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Western Leaders Criticize Putin

DW staff (dc)September 29, 2004

More than 100 American and European foreign policy experts signed a letter protesting against Russian President Vladimir Putin's leadership. They say Putin is using the fight against terror to clamp down on democracy.

Under fireImage: AP

The protest letter, delivered to US President George W. Bush, as well as other government leaders in NATO and the European Union, accuses Putin of turning back to authoritarian rule.

Its 115 signatories include prominent politicians such as former Czech President Vaclav Havel, former Swedish Prime Minister Carl Bildt, and US senators John McCain and Joseph R. Biden.

The most prominent German politicians to sign the letter are Green party chief Reinhard Bütikofer, and the foreign policy expert of the Christian Democrat Union (CDU), Friedbert Pflüger. No politicians from Chancellor Gerhard Schröder's Social Democratic Party (SPD) signed it.

Democracy in name only?

Geiselnahme in russischer Schule, Beslan, Nordossetien
Russian solders with rifles outside the school in Beslan where over 300 students and adults were held hostage by Chechen attackersImage: AP

The letter expresses concern that Putin is using terrorist attacks by Chechen separatists, including the recent school hostage drama in Beslan, as a pretext for extending his control over political life in Russia.

"We are deeply concerned that these tragic events are being used to further undermine democracy in Russia," said the letter, which was published in full in the Financial Times Deutschland. "Russia's democratic institutions have always been weak and fragile. Since becoming president in January 2000, Vladimir Putin has made them even weaker."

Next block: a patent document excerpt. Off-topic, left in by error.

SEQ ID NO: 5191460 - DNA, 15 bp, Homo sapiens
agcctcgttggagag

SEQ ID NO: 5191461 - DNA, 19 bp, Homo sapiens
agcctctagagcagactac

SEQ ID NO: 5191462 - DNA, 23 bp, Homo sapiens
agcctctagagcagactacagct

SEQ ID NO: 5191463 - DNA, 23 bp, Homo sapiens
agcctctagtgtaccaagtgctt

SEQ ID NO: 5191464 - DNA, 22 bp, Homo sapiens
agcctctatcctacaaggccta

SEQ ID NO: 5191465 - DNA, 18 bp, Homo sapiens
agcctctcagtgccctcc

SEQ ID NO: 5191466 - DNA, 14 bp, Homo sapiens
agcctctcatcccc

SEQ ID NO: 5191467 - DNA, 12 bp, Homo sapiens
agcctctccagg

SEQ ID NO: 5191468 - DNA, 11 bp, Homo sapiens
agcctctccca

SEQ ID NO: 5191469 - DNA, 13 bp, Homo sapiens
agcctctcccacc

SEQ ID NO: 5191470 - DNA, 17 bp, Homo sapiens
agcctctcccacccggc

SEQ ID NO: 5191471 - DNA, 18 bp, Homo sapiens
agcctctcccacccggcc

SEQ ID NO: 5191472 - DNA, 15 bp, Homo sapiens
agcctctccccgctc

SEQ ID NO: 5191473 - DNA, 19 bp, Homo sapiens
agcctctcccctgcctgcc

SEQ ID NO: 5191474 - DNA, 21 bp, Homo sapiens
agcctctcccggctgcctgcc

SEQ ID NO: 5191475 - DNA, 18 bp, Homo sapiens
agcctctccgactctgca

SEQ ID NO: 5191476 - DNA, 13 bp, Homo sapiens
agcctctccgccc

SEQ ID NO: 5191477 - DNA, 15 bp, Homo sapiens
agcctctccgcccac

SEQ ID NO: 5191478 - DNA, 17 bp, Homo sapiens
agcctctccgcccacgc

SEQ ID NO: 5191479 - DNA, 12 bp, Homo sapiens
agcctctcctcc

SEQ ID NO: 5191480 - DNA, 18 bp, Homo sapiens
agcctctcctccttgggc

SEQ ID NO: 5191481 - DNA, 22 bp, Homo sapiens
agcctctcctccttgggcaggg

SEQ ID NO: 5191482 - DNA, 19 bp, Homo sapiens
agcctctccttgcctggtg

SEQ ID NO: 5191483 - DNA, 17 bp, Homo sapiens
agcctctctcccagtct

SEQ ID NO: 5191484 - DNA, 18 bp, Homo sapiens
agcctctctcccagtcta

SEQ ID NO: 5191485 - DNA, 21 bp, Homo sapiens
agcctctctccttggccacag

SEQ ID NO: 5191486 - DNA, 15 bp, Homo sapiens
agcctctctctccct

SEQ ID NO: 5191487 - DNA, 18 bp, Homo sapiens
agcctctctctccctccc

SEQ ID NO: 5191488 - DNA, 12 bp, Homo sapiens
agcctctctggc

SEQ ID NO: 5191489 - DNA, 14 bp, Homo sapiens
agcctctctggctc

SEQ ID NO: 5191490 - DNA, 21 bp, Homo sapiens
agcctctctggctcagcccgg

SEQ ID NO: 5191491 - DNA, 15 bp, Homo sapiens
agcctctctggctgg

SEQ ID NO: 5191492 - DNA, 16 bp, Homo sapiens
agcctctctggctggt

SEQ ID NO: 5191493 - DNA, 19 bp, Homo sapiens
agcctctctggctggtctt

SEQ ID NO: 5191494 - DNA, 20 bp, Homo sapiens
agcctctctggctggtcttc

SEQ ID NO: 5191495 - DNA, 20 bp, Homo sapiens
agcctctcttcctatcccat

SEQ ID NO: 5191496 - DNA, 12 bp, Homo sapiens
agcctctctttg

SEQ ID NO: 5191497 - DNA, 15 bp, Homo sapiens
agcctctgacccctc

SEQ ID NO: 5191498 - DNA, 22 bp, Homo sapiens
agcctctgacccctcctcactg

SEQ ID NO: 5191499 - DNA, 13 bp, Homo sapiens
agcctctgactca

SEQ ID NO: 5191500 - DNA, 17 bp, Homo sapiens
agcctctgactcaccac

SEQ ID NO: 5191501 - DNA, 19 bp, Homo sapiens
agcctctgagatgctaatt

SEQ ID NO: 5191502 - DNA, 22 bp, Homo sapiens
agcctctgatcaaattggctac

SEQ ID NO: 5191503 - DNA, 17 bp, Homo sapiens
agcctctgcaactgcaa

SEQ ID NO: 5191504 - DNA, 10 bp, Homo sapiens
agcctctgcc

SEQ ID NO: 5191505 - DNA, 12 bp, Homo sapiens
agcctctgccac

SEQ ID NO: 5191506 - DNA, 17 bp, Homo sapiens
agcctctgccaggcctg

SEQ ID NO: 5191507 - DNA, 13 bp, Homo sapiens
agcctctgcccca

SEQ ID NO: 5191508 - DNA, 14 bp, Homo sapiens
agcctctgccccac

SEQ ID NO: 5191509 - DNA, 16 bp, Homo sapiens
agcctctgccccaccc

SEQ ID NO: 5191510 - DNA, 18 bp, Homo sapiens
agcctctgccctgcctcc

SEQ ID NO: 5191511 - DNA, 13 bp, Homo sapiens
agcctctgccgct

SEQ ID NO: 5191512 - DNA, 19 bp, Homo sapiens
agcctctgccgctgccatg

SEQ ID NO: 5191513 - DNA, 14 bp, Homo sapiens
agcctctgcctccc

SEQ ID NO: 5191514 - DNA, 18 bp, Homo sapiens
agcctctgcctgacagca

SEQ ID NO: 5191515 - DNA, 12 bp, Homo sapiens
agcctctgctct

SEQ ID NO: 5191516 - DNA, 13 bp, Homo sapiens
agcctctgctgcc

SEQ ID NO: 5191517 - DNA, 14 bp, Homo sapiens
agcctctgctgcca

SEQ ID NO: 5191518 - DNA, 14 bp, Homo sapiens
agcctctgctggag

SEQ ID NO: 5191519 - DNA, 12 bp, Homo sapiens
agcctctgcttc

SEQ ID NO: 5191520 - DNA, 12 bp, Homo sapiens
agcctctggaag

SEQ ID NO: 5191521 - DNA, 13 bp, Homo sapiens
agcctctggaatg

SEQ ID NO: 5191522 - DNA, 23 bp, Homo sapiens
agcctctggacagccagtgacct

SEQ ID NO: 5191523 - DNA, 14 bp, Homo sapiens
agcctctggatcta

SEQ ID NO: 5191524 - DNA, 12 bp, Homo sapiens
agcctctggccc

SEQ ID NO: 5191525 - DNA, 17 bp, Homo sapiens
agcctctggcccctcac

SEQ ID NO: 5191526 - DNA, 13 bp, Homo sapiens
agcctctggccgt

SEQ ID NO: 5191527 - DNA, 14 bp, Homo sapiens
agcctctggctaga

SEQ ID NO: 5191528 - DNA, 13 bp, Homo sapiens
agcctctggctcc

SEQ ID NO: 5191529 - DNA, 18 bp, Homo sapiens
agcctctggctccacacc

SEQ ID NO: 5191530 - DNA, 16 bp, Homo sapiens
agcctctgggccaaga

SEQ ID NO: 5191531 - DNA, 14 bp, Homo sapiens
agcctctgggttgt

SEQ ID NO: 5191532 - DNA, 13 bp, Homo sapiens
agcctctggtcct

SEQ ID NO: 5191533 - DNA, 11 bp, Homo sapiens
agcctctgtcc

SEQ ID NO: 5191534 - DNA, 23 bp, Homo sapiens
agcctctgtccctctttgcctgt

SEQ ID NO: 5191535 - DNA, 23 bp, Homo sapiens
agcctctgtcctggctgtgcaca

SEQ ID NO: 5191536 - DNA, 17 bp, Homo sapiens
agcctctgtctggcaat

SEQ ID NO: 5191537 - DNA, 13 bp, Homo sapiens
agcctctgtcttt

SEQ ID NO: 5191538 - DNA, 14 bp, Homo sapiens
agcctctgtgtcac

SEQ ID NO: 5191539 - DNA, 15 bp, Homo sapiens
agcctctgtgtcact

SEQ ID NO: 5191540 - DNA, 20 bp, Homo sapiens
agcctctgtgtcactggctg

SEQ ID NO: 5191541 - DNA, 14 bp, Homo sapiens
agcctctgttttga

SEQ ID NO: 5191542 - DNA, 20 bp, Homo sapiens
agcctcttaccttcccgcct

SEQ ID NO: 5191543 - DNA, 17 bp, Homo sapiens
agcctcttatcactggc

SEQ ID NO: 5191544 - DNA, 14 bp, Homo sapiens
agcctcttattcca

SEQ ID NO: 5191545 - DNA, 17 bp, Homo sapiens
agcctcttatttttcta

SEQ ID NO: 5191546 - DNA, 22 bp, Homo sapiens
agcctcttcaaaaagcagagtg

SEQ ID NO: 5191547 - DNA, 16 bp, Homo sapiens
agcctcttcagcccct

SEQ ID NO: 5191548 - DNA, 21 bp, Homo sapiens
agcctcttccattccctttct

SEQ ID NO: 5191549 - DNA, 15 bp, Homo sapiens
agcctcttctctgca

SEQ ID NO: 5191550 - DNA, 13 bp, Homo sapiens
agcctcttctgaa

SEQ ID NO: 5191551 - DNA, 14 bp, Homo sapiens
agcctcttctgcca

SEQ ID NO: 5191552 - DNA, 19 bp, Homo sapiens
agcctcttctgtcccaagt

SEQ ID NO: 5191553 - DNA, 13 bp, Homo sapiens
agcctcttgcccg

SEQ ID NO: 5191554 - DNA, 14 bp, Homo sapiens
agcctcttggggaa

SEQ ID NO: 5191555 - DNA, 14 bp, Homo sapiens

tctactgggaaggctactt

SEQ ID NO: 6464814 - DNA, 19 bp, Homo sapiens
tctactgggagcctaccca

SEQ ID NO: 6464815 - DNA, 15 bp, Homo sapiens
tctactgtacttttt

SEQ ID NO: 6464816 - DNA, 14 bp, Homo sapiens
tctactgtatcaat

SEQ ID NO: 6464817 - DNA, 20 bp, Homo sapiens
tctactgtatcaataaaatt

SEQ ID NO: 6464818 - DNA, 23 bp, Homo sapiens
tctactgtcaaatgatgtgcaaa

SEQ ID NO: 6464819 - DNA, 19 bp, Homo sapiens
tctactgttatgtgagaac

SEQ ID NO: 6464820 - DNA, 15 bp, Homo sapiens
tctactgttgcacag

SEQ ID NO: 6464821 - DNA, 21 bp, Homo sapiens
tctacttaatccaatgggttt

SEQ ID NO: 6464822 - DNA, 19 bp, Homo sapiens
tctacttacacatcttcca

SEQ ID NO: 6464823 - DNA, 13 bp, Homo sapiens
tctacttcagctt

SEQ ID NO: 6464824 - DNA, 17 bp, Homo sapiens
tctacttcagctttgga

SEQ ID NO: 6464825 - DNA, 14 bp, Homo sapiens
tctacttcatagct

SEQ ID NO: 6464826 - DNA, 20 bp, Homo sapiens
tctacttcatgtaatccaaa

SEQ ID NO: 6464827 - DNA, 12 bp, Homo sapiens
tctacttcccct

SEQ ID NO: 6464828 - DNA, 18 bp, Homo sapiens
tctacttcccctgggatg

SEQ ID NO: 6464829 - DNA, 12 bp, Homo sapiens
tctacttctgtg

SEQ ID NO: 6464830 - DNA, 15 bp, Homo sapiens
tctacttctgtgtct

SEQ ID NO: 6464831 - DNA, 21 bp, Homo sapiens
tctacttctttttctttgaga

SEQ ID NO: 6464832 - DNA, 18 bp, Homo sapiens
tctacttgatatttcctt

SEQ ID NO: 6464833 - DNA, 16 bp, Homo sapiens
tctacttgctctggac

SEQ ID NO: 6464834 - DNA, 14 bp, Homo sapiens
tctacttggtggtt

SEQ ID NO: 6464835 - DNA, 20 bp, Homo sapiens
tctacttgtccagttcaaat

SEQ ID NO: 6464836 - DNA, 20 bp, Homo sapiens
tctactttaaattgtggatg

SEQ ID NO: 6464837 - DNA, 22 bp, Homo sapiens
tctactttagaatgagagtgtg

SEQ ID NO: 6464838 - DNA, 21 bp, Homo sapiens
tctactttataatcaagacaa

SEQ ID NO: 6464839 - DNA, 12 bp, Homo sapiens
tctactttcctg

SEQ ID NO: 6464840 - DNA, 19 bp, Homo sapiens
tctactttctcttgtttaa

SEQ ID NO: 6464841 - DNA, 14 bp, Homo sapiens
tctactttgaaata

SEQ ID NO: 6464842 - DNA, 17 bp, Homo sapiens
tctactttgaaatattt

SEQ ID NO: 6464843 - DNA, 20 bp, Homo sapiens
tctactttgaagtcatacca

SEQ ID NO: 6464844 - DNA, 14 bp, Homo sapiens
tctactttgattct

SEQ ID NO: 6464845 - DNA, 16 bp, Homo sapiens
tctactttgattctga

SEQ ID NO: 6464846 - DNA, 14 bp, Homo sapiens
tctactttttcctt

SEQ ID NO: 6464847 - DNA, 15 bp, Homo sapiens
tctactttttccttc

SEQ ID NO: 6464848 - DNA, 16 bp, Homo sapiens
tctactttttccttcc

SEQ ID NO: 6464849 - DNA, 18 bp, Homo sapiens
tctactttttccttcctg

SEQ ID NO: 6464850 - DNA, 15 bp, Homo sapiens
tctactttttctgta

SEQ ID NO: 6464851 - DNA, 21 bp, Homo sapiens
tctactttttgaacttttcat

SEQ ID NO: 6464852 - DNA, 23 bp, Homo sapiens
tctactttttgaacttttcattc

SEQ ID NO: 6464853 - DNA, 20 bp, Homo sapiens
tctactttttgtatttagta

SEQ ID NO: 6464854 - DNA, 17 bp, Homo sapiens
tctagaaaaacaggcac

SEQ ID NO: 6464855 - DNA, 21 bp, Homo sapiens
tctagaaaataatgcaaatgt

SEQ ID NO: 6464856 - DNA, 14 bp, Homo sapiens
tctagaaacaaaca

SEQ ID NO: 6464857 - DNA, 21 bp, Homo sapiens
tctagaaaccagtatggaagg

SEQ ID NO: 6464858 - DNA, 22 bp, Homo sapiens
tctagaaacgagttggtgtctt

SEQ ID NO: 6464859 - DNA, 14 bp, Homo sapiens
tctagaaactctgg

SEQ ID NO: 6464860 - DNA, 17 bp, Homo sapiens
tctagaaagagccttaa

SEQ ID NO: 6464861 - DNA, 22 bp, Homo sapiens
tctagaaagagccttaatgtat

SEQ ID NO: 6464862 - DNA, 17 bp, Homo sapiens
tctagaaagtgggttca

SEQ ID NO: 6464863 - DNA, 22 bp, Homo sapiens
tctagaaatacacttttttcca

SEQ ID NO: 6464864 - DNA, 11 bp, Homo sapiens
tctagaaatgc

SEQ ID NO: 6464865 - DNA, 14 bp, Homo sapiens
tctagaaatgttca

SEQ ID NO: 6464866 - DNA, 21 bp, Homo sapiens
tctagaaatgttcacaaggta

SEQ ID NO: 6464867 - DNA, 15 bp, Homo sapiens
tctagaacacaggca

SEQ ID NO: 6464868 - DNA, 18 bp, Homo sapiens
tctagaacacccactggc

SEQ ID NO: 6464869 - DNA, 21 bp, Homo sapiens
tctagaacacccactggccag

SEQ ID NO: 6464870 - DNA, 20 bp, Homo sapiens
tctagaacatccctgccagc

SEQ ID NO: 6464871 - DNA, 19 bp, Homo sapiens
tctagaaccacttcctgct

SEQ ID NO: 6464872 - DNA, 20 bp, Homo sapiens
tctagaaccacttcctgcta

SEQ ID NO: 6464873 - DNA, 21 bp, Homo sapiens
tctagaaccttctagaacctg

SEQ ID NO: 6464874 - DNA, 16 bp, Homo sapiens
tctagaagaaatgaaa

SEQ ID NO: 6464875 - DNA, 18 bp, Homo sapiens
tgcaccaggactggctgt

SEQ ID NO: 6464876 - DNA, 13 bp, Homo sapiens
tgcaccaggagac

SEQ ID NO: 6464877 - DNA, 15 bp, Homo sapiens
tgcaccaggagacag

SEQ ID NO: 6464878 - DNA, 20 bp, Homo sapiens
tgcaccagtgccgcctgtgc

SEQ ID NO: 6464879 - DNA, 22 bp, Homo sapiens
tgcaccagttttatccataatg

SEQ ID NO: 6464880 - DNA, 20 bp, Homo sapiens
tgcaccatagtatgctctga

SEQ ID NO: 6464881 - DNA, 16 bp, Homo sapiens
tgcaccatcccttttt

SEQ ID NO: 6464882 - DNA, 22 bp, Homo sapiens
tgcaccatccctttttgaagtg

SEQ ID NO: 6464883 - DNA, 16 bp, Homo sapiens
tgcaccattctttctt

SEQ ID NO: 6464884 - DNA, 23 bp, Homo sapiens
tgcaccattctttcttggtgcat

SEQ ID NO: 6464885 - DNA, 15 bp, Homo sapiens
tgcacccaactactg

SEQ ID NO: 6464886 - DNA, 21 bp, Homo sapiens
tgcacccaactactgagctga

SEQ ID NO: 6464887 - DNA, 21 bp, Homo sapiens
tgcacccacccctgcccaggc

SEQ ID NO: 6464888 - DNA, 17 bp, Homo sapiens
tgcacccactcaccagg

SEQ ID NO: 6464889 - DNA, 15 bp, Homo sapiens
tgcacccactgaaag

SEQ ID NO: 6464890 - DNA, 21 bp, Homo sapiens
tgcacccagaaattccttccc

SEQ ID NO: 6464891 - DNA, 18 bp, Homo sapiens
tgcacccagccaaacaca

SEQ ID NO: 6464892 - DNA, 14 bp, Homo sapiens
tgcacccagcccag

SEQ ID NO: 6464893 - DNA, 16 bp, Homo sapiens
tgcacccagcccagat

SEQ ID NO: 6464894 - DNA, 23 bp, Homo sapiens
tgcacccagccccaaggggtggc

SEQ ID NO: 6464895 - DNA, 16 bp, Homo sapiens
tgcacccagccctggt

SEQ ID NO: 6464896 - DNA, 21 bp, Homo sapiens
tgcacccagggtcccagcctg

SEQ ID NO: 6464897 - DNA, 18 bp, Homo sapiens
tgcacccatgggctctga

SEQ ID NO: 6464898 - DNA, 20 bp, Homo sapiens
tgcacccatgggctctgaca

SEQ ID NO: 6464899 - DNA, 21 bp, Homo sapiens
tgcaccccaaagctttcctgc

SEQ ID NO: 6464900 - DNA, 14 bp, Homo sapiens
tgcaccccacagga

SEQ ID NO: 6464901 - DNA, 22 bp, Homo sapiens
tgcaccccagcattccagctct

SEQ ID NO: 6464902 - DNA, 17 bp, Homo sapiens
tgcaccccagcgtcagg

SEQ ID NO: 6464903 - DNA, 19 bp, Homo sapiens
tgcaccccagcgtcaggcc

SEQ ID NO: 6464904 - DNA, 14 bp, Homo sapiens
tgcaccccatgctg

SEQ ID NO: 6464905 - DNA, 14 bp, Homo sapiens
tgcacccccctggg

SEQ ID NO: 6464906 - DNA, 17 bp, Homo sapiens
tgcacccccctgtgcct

The letter calls on western countries to place themselves "unambiguously on the side of democratic forces in Russia."

This week, Putin sent a draft law to parliament that will give him the right to nominate regional governors. He also introduced a draft resolution that would create a new blacklist of terrorist suspects subject to extradition. Both plans have raised concern in the West.

Putin faces little opposition in the Russian parliament, as his United Russia party holds more than two-thirds of the seats. Criticism of Putin in the Russian media is rare, as most independent media organizations have been shut down under his rule.

Breaking the silence

Until now, western leaders have been reserved in their criticism, with barely a word being uttered by the EU or the US government to protest human rights violations in Chechnya.

Germany has taken pains to cultivate close ties with Russia. On his last visit there, Schröder emphasized the friendly nature of his relationship with Putin. The two leaders presented a united front on the most important questions, including Putin's controversial handling of the Chechnya conflict.

Russia's UN ambassador, Andrey Denisov, said he took the criticism in the letter seriously, but added that it was important that there be enough "flexibility" in Russia's democracy to allow it to fight terrorism.

"Yes, we have to take seriously such opinions because they are being expressed by such distinguished persons," Denisov said. "We have to prove to our partners that they are mistaken or they are exaggerating the present state of affairs."